2020 state history award winners announced
The awards are the highest recognition presented by the Historical Society of Michigan, the state’s official historical society and oldest cultural organization.
LANSING, Mich. (Press Release/WLUC) - The Historical Society of Michigan announces its 2020 State History Awards, to be presented during its annual Michigan History Conference on Oct. 2 and Oct. 3, 2020, which will be a virtual event this year due to the coronavirus (COVID-19) pandemic.
The Society presents the State History Awards every year to individuals and organizations that have made outstanding contributions to the appreciation, collection, preservation and/or promotion of state and local history.
The awards are the highest recognition presented by the Historical Society of Michigan, the state’s official historical society and oldest cultural organization.
- The 18 winners are: (Detailed descriptions of each recipient are listed at the end of this news release.)
- Lifetime Achievement Award—Brian L. Dunnigan of Jackson
- Distinguished Volunteer Service—Karen Kasper of Ishpeming
- Distinguished Professional Service—Bailey Sisoy-Moore of Highland Park
- Books: University & Commercial Press—
- “Great Lakes Sea Lamprey: The 70 Year War on a Biological Invader” by Cory Brant (University of Michigan Press)
- “Points North: Discover Hidden Campgrounds, Natural Wonders, and Waterways of the Upper Peninsula” by Mikel B. Classen (Modern History Press)
- Books: Private Printing—
- “A Constant State of Emergency: Paul de Kruif, Microbe Hunter and Health Activist” by Jan Peter Verhave (Van Raalte Press)'“World War II Conscientious Objectors: Germfask, Michigan the Alcatraz Camp” by Jane Kopecky (Jane Kopecky)
- “Lansing’s Young Architects: William Appleyard, R. Arthur Bailey and Frederick Thoman” by James V. MacLean (SoloVerso Press)
- Books: Children & Youth— “Cady and the Bear Necklace” by Ann Dallman (Three Towers Press/Henschel Haus Books)
- Communications: Printed Periodicals—"Michigan Jewish History" published by the Jewish Historical Society of Michigan
- Education: Educational Programs—Michigan Council for History Education for its ongoing programs
- Media—"The Detroit History Podcast"
- Restoration/Preservation—Tony and Tom Fahoome of Dryden for their renovation and restoration of the Liberty Building in New Baltimore
- Special Programs/Events—Flat Rock Historical Society for its “Diggin' Up Local History Cemetery Walk”
- Local Societies—Allendale Historical Society
- Institutions—Marine Historical Society of Detroit
- Best Article in Michigan History Magazine—"Contaminated Michigan: The PBB Crisis" by Claire Parish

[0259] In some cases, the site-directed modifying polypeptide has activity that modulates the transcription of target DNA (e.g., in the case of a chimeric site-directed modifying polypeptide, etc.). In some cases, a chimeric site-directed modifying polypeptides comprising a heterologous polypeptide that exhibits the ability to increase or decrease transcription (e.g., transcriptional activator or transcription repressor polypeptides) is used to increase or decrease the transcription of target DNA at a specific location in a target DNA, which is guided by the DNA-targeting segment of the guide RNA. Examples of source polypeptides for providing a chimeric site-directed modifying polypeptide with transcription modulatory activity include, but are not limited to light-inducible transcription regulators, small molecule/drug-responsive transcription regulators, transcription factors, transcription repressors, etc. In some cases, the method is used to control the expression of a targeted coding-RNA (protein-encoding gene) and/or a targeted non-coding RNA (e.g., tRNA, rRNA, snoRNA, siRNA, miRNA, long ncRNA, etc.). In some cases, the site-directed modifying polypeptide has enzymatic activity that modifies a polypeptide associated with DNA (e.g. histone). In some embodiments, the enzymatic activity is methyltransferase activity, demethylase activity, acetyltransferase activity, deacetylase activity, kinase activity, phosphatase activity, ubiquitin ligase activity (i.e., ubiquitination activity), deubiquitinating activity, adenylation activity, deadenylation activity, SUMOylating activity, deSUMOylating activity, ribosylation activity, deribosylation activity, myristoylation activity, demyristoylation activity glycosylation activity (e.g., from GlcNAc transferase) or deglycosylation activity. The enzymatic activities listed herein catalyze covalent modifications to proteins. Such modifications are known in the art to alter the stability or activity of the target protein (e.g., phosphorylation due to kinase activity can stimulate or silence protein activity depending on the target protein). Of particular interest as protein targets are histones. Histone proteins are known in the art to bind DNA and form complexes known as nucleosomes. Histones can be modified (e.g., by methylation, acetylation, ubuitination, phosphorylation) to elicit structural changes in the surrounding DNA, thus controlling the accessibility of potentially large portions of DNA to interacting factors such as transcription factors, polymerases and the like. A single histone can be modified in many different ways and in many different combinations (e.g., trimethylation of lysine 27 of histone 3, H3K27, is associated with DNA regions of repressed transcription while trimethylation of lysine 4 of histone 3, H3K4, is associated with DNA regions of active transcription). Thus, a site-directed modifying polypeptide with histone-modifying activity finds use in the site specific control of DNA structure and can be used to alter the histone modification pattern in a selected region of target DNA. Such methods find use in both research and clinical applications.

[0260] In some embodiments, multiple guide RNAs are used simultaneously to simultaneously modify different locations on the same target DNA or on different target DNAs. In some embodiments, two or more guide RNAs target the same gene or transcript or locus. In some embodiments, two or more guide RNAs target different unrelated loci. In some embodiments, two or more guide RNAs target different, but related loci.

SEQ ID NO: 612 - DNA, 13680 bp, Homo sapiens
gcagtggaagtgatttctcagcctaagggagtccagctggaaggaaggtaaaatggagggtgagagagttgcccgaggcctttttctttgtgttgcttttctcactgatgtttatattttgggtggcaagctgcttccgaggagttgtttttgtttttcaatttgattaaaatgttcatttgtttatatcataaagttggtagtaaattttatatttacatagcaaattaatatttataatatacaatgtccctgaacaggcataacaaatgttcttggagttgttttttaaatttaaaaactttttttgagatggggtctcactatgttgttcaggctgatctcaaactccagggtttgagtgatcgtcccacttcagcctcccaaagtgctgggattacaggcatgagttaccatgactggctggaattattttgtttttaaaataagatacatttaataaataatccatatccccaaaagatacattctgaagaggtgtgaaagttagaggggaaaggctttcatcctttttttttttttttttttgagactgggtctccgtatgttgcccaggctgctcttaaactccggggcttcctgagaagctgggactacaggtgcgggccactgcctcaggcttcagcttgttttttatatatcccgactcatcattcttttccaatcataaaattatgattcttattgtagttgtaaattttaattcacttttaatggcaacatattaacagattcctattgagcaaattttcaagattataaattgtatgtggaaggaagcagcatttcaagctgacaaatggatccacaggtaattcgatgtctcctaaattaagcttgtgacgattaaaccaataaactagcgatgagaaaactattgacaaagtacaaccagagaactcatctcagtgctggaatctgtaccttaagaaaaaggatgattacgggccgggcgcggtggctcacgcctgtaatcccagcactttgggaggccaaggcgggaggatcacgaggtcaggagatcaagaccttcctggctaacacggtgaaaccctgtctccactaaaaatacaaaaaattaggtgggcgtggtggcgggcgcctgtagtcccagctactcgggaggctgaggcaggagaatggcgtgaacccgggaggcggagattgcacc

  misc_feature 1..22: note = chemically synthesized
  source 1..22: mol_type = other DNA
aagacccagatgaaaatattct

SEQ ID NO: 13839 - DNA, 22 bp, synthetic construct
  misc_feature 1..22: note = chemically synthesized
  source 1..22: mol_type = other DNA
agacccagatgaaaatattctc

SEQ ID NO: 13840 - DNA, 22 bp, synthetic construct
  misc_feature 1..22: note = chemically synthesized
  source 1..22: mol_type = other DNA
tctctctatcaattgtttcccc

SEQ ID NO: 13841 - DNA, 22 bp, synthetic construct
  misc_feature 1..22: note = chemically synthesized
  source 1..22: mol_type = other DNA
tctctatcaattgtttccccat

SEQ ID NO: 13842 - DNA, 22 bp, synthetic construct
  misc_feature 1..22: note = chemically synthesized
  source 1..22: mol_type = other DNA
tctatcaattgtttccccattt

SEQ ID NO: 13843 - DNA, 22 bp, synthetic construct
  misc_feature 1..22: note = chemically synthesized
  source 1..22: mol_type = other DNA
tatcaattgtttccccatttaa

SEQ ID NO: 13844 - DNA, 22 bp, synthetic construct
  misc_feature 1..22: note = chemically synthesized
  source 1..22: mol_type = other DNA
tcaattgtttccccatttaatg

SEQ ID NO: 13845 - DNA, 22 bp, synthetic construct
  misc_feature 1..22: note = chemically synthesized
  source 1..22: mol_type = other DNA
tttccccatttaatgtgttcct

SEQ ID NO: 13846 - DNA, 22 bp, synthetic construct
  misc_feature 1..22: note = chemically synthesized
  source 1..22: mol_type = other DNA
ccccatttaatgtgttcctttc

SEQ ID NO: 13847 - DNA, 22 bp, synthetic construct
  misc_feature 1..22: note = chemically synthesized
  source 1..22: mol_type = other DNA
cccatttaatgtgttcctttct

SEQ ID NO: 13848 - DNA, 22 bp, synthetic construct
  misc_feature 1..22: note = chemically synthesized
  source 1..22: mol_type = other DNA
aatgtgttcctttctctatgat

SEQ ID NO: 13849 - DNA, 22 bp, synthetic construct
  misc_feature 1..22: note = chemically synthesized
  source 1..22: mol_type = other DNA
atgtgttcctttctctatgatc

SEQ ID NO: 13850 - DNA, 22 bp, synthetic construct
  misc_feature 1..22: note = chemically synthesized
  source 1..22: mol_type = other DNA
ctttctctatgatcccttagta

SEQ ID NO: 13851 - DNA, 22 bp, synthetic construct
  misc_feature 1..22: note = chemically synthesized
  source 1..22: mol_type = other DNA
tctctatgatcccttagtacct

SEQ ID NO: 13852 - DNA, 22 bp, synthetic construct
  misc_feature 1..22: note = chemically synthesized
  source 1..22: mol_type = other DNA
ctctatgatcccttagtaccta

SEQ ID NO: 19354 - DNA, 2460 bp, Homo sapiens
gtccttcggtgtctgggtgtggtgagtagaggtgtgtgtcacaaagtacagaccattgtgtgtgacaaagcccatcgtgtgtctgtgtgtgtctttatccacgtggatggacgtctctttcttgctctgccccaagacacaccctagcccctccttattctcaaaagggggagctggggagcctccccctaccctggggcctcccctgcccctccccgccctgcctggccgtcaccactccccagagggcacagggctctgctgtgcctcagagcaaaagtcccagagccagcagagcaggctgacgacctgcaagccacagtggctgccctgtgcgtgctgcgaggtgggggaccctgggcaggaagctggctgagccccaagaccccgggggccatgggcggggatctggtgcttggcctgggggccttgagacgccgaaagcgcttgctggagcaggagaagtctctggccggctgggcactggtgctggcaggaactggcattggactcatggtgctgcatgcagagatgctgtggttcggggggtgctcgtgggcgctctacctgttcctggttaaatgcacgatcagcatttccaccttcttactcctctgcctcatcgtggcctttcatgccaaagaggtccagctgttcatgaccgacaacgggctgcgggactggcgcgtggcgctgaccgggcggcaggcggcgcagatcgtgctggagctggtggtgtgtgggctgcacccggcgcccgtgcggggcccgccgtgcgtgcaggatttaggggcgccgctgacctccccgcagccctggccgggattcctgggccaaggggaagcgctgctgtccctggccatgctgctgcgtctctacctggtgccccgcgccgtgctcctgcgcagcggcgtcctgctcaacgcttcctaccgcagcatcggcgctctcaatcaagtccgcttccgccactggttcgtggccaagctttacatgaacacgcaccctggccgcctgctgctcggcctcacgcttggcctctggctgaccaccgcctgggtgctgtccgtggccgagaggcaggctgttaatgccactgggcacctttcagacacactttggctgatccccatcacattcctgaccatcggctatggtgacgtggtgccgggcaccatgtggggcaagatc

- Best Article in Chronicle Magazine—"Hopes, Half-Measures, and Hypocrisies: Desegregating Kalamazoo Schools" by Mclevy Strong-Morse
The Michigan History Conference explores significant people, places and events in Michigan’s past through a diverse offering of keynote speakers, breakout sessions, workshops and tours. Normally, the conference moves to a different location every year to feature the local history of that area and to address notable statewide historical matters. Though this year’s conference is a virtual event, many sessions will focus on the history of Lansing. Standard registration ends on Oct. 1, 2020. Registration details and full session descriptions are available on HSM’s website at hsmichigan.org.
The lead sponsors of this year’s Michigan History Conference are The Meijer Foundation and the Library of Michigan. Major sponsors are Dart Bank, Grand Rapids Public Museum, Historical Society of Greater Lansing, Lansing Community College, Michigan Council for Arts & Cultural Affairs, Michigan History Center, Michigan State University Federal Credit Union and National Endowment for the Arts.
The conference is also sponsored by the Eli and Edythe Broad Art Museum, Greater Grand Rapids Women’s History Council, Michigan Historic Preservation Network, Michigan State University Department of History, Michigan State University Libraries, Michigan State University Press, University of Michigan Press and Wayne State University Press, along with the Greater Lansing Convention & Visitors Bureau, Michigan Oral History Association and Michigan State University Department of English.
The Historical Society of Michigan also hosts the Upper Peninsula History Conference, which focuses on the history of the Upper Peninsula, and Michigan in Perspective: The Local History Conference, which concentrates on southeast Michigan and statewide history.
The Historical Society of Michigan is the state’s oldest cultural organization, founded in 1828. A nongovernmental nonprofit, the Society focuses on publications, conferences, education, awards and recognition programming, and support for local history organizations to preserve and promote Michigan’s rich history.
More information on the winners is below.
The Historical Society of Michigan will recognize Brian L. Dunnigan of Jackson with the 2020 Lifetime Achievement Award. Dunnigan began his professional career in history in 1966 as a seasonal interpreter at Fort Mackinac, going on to hold leadership positions at Historic Fort Wayne and Old Fort Niagara. In 1996, Dunnigan returned to Michigan and was appointed curator of maps and head of research and publications at the University of Michigan’s William L. Clements Library—an institution he served at until his retirement in 2019. In addition to the many professional positions and organizational roles he has held over the years, Michigan and Great Lakes history subjects have come to life through Dunnigan’s countless books, scholarly articles, book reviews and encyclopedia entries.